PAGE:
VIRGINIA BEACH, Va. (WAVY) – Officers went door-to-door Sunday in neighborhoods that were severely affected by Hurricane Matthew.
“They’ve always tried to help us,” says George Ganter, who has lived on Parkway Court for 46 years. He says he’s never seen flooding like what we saw last weekend.
“I had to take everything, tear everything off the floors and walls had to be cut so far,” says Ganter. He and his wife are temporarily living with their neighbor, who says he was disappointed in the city’s response to the storm.
“In the first 72 hours, not a single fire person, police department, national guard, nobody came door-to-door checking on people,” says David Ranzette, who also lives on Parkway Court.
On Sunday afternoon, first responders were walking up and down the streets checking in on people as they cleaned.
“It’s very devastating, you know? Looking at people that are wheelchair bound that can’t get around. Their cars have been totaled, their houses have been totaled and they have no idea what they’re going to do,” says Master Police Officer Jennifer Hunter.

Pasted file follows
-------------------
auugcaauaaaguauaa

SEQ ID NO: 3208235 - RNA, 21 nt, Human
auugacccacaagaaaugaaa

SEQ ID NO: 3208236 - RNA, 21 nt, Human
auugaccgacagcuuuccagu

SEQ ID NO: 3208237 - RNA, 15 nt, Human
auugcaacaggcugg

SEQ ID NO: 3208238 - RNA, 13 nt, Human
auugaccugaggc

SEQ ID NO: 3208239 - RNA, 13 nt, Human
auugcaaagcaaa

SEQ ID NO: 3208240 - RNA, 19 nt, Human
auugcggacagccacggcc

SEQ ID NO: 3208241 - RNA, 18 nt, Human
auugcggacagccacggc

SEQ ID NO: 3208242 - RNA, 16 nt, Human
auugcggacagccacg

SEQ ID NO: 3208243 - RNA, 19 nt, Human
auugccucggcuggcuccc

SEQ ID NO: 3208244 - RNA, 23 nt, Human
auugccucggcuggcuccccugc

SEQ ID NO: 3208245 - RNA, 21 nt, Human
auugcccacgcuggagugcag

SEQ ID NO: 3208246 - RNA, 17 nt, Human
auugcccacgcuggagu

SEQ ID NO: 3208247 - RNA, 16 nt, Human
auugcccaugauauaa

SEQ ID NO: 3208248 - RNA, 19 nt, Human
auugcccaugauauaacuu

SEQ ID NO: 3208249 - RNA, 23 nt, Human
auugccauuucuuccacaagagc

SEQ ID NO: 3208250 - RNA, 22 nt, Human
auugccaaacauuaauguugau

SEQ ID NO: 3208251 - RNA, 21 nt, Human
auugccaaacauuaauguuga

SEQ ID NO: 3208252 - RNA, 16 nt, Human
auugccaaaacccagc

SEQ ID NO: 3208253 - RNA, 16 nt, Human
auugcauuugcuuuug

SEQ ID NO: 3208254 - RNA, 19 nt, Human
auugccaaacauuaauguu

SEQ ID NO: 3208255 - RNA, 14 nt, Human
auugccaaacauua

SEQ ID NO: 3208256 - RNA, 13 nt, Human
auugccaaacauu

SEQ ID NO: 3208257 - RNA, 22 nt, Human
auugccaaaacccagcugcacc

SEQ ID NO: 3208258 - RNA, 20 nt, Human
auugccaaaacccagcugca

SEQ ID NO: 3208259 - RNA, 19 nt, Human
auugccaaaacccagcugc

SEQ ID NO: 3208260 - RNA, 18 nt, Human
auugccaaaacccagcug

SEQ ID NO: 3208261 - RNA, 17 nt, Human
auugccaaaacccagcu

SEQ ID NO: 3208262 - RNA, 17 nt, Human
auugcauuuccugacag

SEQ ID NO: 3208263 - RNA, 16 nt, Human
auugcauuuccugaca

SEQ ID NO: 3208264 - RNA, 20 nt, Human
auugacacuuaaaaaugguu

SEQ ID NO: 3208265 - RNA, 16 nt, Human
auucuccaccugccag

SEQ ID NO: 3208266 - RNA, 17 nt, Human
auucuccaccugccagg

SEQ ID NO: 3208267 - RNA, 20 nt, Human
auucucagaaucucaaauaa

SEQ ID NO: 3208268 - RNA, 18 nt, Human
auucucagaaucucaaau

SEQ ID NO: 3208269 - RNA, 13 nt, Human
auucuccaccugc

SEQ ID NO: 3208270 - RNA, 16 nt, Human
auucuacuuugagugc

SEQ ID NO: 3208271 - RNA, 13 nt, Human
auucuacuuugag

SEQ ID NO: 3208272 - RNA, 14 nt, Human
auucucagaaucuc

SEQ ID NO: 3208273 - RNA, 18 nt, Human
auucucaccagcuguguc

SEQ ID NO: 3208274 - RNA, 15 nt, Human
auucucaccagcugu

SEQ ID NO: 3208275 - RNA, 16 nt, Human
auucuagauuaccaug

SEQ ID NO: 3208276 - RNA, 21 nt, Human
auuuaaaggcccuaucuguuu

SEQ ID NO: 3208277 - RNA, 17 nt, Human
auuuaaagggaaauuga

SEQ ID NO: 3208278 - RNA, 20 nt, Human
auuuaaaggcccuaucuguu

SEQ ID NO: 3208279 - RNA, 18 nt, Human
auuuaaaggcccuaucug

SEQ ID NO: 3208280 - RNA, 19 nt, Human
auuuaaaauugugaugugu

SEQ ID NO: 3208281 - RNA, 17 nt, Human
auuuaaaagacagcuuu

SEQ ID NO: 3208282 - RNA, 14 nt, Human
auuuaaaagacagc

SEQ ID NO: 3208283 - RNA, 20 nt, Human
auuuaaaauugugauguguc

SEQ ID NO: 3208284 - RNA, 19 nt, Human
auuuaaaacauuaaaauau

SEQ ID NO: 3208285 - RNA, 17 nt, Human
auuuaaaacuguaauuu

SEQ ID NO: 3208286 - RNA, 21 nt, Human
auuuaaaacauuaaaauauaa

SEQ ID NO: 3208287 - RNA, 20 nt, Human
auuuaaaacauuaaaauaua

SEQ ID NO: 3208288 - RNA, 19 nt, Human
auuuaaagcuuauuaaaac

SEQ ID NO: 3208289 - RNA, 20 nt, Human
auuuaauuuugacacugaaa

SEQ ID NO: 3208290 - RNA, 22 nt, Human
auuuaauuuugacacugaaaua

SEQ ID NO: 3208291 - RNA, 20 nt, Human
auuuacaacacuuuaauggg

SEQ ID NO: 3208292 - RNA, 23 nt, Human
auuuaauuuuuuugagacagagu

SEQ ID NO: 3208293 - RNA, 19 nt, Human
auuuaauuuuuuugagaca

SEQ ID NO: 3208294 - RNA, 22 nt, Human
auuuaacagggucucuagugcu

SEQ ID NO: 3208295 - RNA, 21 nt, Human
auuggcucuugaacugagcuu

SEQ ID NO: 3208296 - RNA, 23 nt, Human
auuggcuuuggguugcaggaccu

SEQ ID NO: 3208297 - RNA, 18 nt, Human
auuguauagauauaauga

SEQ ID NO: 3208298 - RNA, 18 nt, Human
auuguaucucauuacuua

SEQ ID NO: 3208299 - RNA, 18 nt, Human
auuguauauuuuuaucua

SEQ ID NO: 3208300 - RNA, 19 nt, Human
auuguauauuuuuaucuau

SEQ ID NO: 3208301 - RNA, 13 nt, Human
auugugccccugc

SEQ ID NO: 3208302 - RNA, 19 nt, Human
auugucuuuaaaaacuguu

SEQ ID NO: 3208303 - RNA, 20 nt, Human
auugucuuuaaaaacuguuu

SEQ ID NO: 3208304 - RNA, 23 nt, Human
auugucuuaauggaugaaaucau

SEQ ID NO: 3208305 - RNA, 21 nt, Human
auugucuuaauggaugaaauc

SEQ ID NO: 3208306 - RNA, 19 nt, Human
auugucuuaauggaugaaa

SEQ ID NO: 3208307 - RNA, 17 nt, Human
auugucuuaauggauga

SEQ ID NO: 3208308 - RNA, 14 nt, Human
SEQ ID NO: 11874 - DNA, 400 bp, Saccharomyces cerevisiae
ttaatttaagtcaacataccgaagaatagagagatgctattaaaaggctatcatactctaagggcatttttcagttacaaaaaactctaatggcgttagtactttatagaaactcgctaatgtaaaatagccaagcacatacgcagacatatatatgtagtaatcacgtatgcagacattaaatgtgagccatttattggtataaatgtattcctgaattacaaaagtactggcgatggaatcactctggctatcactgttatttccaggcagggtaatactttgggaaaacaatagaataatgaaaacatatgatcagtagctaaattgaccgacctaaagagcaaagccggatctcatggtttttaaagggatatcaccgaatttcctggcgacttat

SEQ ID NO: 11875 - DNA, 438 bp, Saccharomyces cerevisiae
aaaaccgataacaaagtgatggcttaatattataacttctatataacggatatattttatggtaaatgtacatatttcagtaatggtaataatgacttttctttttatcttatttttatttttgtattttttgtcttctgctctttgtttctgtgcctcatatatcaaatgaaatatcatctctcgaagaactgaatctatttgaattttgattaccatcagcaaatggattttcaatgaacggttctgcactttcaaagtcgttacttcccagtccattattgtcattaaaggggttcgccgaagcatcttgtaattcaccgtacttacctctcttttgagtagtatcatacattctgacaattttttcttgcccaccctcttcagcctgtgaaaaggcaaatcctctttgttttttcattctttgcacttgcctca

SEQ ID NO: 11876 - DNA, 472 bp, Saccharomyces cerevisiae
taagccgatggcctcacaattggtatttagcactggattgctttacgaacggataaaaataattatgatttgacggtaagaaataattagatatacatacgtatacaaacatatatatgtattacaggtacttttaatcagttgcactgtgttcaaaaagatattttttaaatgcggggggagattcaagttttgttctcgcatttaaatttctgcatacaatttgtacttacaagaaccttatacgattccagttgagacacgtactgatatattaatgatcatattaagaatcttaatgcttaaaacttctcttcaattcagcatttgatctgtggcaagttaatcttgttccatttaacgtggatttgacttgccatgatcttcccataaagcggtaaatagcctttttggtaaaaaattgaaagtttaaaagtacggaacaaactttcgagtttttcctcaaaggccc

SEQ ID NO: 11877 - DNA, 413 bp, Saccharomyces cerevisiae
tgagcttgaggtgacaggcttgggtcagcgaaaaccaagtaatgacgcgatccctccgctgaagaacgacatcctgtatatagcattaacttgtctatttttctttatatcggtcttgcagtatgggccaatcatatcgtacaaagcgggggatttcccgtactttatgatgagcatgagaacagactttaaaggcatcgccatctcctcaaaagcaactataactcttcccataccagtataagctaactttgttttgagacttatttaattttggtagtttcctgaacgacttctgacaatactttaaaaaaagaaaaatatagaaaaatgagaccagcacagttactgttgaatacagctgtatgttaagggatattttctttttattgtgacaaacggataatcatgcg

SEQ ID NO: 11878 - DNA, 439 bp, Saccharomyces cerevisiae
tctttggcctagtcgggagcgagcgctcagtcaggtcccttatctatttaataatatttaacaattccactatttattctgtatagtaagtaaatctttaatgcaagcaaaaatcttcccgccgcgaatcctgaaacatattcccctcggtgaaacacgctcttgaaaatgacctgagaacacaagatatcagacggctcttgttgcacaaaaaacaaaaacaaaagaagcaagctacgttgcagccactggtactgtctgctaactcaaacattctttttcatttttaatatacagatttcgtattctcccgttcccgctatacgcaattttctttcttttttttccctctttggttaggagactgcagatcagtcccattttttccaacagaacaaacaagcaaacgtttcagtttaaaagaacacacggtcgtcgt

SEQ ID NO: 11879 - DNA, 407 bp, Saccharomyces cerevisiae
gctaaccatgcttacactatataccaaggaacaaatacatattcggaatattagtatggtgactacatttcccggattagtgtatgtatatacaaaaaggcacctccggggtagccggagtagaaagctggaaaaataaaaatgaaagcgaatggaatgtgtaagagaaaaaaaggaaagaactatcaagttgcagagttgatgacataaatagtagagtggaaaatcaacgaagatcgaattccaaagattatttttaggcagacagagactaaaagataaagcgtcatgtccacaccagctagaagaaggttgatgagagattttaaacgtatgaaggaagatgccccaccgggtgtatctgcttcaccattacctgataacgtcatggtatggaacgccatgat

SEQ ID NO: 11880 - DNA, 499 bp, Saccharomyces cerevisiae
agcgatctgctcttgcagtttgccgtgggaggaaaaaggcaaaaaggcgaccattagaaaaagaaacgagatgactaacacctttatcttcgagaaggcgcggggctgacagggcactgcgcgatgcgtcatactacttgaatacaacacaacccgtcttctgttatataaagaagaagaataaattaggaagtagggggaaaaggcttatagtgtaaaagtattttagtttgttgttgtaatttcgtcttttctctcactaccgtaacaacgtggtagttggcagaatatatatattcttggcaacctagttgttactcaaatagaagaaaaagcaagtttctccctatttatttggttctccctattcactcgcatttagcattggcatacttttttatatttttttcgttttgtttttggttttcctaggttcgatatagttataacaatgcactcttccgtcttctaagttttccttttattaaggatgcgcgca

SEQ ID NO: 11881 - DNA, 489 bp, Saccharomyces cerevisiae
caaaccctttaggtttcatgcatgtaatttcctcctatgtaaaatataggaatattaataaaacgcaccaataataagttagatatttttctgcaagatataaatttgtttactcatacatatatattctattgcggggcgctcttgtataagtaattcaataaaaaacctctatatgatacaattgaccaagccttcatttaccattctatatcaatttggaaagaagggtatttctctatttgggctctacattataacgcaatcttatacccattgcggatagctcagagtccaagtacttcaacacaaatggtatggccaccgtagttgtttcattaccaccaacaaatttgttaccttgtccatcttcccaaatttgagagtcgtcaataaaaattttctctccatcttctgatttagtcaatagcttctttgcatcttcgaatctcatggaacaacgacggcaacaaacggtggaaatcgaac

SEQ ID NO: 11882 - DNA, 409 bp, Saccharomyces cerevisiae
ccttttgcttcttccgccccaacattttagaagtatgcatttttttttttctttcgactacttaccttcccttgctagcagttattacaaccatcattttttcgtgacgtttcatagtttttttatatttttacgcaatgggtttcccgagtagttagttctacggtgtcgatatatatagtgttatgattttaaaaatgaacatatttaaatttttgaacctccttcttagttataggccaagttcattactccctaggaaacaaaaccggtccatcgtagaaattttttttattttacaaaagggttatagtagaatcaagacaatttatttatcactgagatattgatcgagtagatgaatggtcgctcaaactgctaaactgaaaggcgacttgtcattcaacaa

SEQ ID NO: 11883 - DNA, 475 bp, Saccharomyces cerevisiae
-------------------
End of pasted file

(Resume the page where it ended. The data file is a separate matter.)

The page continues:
These welfare checks are part of the city’s efforts to help the 1100 homes and apartment complexes that were affected by the hurricane.
“We have covered 100% of the neighborhoods in our city, just for wellness checks to make sure people are safe and they have the resources they need,” says Virginia Beach Fire Chief Steve Cover.
Along with the cleanup comes a cost. The city says they estimate the total amount of damage to individual homes is $17 million. Now, they are waiting to hear if they will reach the threshold for federal relief money.
“We know that the public assistance number will probably be reached,” says Virginia Beach City Manager Dave Hansen.
Hansen also said the storm taught them a lot. Now, their focus has shifted from recovery to rebuilding as people continue to lean on each other.